Eight hundred workers went on strike in December, over disagreements about their pension contributions.
In response, FCL, the federation of retail co-ops which owns the complex, locked the workers out, arguing this was necessary to keep the site operational and protect fuel supplies to 170 local co-ops and their communities across Western Canada.
On 17 January NFU sent a letter to FCL urging it to end the lockout and return to the bargaining table. NFU is particularly concerned about the lockout since many of its members choose to use Co-op Refinery products such as diesel fuel, gas and oil.
“One reason for using Co-op products is that co-operatives are businesses that are not just about the bottom line, but have made commitment to uphold the internationally accepted co-operative principles, which include concern for community. With this lockout, it has become harder to see how the Federated Co-operatives is different from other companies,” said the letter.
NFU also claims Federated Cooperatives is looking to lower workers’ pension benefits and has prepared for a lockout in advanced by investing in operating with replacement workers during a prolonged dispute.
Responding to the letter, the chair of FCL, Sharon Alford, said in a statement that the board understood the criticality of the CRC’s fuel supply to agricultural producers and had “an effective business continuity plan’’ in place.
In terms of pension plans, FCL argues that the workers’ union, Unifor 594, is demanding an “irrevocable clause” guaranteeing no changes at present or in the future to the defined benefits (DB) pension plan before any further talks could take place.
According to FCL, employees who are members of Unifor 594 currently have two pensions, a fully employer-funded DB plan, and a “savings plan” wherein the employer matches employee contributions of 6.5% (for a total contribution of 13% per year). The employer argues the current Defined Benefit Plan is unsustainable with its 2019 Annual Report reflecting a CA$168m pension liability.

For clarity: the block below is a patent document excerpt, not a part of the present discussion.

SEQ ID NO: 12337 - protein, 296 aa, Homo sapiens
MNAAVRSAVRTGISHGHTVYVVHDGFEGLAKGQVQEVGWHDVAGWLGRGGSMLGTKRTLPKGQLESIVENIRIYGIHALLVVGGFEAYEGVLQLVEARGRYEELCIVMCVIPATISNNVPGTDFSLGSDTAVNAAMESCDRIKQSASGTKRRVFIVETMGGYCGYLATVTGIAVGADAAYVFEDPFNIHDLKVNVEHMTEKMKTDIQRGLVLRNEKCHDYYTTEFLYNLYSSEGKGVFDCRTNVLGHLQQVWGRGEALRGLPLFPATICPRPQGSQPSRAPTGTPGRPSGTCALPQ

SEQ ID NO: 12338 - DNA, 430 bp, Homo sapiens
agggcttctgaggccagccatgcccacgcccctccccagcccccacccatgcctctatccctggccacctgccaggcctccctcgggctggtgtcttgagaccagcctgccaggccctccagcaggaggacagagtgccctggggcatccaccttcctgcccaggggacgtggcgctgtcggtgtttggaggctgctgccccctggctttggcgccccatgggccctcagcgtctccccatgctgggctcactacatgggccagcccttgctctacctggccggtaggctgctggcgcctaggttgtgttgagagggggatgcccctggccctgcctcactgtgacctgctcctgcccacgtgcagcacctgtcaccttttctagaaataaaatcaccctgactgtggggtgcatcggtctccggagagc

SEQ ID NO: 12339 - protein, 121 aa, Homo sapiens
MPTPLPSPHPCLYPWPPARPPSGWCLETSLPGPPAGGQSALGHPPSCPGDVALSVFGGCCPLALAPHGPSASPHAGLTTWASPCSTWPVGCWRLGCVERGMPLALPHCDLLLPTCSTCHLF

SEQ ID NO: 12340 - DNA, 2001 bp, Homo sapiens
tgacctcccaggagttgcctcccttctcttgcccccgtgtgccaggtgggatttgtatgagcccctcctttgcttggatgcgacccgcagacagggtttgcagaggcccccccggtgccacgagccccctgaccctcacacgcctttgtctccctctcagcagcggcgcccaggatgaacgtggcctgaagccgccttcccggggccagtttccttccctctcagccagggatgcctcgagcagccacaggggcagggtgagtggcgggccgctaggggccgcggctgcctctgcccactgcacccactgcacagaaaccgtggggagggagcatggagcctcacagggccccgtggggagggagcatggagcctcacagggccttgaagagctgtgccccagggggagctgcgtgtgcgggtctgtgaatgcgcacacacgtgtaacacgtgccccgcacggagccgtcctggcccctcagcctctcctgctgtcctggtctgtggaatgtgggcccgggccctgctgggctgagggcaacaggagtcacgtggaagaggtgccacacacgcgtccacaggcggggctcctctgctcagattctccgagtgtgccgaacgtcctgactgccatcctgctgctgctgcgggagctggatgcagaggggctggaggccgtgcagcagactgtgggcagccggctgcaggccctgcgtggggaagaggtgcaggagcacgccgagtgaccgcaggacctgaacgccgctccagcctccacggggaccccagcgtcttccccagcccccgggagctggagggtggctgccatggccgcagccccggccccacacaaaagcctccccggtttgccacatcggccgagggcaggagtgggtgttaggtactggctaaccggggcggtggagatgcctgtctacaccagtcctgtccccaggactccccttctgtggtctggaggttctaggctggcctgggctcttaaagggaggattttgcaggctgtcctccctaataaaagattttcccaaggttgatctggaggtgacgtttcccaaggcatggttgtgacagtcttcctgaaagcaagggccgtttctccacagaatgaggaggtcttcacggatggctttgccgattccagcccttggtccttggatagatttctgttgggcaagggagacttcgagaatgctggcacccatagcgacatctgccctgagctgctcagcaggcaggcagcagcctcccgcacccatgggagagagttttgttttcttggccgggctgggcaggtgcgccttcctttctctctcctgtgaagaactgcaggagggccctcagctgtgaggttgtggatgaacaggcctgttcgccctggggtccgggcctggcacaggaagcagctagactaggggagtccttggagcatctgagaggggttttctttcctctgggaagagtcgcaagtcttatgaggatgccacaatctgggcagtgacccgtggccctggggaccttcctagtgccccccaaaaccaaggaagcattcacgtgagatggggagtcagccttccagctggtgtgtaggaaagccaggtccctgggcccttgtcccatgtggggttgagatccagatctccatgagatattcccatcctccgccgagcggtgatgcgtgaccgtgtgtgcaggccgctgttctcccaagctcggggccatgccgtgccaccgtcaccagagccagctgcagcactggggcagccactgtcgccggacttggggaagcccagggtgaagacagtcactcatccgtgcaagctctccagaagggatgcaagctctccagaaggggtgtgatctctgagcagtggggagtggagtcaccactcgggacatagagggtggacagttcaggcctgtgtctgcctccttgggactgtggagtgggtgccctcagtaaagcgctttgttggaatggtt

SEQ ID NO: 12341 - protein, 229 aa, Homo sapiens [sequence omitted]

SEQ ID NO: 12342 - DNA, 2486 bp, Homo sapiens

“These are monies that would otherwise be available to share back with local co-ops and their members as patronage, or be re-invested in our long-term plans to enhance the CRC’s ability to be a leader in low-carbon, liquid transportation fuels production. Put simply, the current formula is not sustainable if we are going to succeed over the long term,” Ms Alford, a farmer herself, said in a statement.
FCL is also suggesting replacing the savings plan with a performance bonus based on the CRC’s performance in safety, reliability and utilisation rates.
The co-op has offered a 11.75% wage increase over four years with the option for unionised employees to remain on their current pension plan or move to its Defined Contribution (DC) Pension Plan – which is used by management and all new hirings. Regardless of the pension choice employees make, the co-op says it will contribute up to 10% employees’ salary in pension.
“Our members have invested in the CRC, and as a consumers’ co-operative, it is incumbent upon us to ensure that those members get a fair rate of return on their investment. We are proud of our ability to remunerate all our employees fairly and competitively, including those at the CRC. But remuneration of employees is not our only measure of success. Our duty of care is to the whole membership – all 1.9 million individual members of co-operatives across western Canada – not only to a select group of employees who already enjoy a total rewards package in excess of competitors in the industry,” she added.
But Unifor argues FCL which reported $959m profit in 2019, can afford to save employee pensions.
“Rogue corporate executives at Co-op have picked a fight with our entire union,” said Unifor presidentJerry Dias. “We will continue to escalate job action and do whatever it takes to protect our members’ pensions from corporate greed.”
Mr Dias was among the seven Unifor members who were arrested in Regina after the blocked traffic in and out of the refinery despite a court injunction limiting traffic delays to 10 minutes.
The refinery complex was built in the 1930s by farmers who formed oil co-ops to reduce the cost of oil.